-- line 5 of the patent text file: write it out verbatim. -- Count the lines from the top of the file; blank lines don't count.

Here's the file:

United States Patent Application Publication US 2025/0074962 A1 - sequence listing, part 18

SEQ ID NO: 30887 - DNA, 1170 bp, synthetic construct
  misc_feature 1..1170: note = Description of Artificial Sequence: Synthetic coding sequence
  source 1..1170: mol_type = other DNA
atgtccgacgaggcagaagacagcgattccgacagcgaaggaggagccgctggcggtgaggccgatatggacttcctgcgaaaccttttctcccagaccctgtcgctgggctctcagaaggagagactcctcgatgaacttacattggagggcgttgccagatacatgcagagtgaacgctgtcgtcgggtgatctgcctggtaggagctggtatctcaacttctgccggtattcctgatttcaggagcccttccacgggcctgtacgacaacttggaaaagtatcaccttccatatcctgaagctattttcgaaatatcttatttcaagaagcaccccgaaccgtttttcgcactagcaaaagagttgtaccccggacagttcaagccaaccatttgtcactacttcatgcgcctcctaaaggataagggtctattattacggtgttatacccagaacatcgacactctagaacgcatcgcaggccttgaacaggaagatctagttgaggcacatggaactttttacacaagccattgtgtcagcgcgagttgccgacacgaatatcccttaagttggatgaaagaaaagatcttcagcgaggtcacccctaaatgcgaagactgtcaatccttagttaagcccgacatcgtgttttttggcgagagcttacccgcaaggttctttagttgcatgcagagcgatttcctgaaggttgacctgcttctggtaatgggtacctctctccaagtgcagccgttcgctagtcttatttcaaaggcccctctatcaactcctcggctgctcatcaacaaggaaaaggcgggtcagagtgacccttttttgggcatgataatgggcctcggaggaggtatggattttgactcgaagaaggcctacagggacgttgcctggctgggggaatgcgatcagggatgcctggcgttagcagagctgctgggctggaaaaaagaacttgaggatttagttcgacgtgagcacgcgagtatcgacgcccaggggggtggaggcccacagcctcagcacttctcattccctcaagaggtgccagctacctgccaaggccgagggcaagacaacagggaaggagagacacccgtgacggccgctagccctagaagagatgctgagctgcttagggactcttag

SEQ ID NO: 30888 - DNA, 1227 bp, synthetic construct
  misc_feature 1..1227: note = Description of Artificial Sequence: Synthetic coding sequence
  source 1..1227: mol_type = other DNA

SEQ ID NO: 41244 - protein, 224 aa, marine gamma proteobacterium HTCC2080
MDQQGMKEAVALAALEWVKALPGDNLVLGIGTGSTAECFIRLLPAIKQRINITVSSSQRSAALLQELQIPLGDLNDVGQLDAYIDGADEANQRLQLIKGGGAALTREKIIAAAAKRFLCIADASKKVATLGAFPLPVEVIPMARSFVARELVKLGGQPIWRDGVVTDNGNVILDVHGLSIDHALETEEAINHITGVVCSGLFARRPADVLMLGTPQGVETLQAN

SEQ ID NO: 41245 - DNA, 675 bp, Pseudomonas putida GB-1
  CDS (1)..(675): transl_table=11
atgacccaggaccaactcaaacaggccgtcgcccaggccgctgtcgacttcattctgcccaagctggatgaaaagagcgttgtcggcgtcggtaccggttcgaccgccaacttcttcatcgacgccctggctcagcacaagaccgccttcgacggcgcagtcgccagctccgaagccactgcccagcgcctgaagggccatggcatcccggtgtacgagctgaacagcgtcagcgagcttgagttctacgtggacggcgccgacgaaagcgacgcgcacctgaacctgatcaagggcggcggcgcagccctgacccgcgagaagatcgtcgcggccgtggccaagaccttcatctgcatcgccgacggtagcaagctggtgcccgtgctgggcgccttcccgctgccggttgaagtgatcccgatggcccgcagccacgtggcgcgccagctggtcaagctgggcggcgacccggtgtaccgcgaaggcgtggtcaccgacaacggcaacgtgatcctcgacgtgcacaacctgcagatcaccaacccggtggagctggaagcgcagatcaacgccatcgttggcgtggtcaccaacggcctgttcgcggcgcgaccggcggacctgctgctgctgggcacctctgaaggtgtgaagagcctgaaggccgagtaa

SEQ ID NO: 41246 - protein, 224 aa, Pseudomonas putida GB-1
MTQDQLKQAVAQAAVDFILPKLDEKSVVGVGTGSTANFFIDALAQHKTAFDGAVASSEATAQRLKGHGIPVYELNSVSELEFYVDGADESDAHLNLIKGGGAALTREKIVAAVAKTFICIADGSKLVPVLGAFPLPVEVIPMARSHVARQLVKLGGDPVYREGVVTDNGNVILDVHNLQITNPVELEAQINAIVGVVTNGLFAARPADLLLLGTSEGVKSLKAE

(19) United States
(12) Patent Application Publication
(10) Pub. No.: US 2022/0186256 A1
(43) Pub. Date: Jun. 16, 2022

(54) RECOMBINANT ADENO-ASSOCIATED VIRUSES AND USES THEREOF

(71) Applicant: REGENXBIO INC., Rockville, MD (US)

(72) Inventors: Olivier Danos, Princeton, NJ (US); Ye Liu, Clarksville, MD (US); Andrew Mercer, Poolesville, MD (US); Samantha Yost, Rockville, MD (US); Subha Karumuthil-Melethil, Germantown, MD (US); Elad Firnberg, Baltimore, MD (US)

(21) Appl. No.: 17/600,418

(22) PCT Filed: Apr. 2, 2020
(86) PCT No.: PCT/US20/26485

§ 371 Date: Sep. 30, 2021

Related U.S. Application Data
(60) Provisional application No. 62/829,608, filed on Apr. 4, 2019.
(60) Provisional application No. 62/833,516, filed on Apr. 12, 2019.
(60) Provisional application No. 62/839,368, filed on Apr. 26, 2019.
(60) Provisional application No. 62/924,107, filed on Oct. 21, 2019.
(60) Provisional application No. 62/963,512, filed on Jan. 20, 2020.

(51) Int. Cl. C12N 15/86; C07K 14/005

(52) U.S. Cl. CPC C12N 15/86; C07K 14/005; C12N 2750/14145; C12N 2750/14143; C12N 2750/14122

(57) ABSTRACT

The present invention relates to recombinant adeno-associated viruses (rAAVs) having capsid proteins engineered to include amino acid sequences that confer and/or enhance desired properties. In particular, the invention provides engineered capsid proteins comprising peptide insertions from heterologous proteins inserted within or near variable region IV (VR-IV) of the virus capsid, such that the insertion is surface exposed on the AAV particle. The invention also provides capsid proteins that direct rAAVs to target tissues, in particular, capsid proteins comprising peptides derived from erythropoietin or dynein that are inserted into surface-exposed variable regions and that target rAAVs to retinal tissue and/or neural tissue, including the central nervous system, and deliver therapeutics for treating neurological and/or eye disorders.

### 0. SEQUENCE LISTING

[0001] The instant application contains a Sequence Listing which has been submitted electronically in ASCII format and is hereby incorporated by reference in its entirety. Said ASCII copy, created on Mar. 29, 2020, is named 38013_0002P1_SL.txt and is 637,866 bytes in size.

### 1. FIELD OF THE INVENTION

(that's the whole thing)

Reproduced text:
atgtccgacgaggcagaagacagcgattccgacagcgaaggaggagccgctggcggtgaggccgatatggacttcctgcgaaaccttttctcccagaccctgtcgctgggctctcagaaggagagactcctcgatgaacttacattggagggcgttgccagatacatgcagagtgaacgctgtcgtcgggtgatctgcctggtaggagctggtatctcaacttctgccggtattcctgatttcaggagcccttccacgggcctgtacgacaacttggaaaagtatcaccttccatatcctgaagctattttcgaaatatcttatttcaagaagcaccccgaaccgtttttcgcactagcaaaagagttgtaccccggacagttcaagccaaccatttgtcactacttcatgcgcctcctaaaggataagggtctattattacggtgttatacccagaacatcgacactctagaacgcatcgcaggccttgaacaggaagatctagttgaggcacatggaactttttacacaagccattgtgtcagcgcgagttgccgacacgaatatcccttaagttggatgaaagaaaagatcttcagcgaggtcacccctaaatgcgaagactgtcaatccttagttaagcccgacatcgtgttttttggcgagagcttacccgcaaggttctttagttgcatgcagagcgatttcctgaaggttgacctgcttctggtaatgggtacctctctccaagtgcagccgttcgctagtcttatttcaaaggcccctctatcaactcctcggctgctcatcaacaaggaaaaggcgggtcagagtgacccttttttgggcatgataatgggcctcggaggaggtatggattttgactcgaagaaggcctacagggacgttgcctggctgggggaatgcgatcagggatgcctggcgttagcagagctgctgggctggaaaaaagaacttgaggatttagttcgacgtgagcacgcgagtatcgacgcccaggggggtggaggcccacagcctcagcacttctcattccctcaagaggtgccagctacctgccaaggccgagggcaagacaacagggaaggagagacacccgtgacggccgctagccctagaagagatgctgagctgcttagggactcttag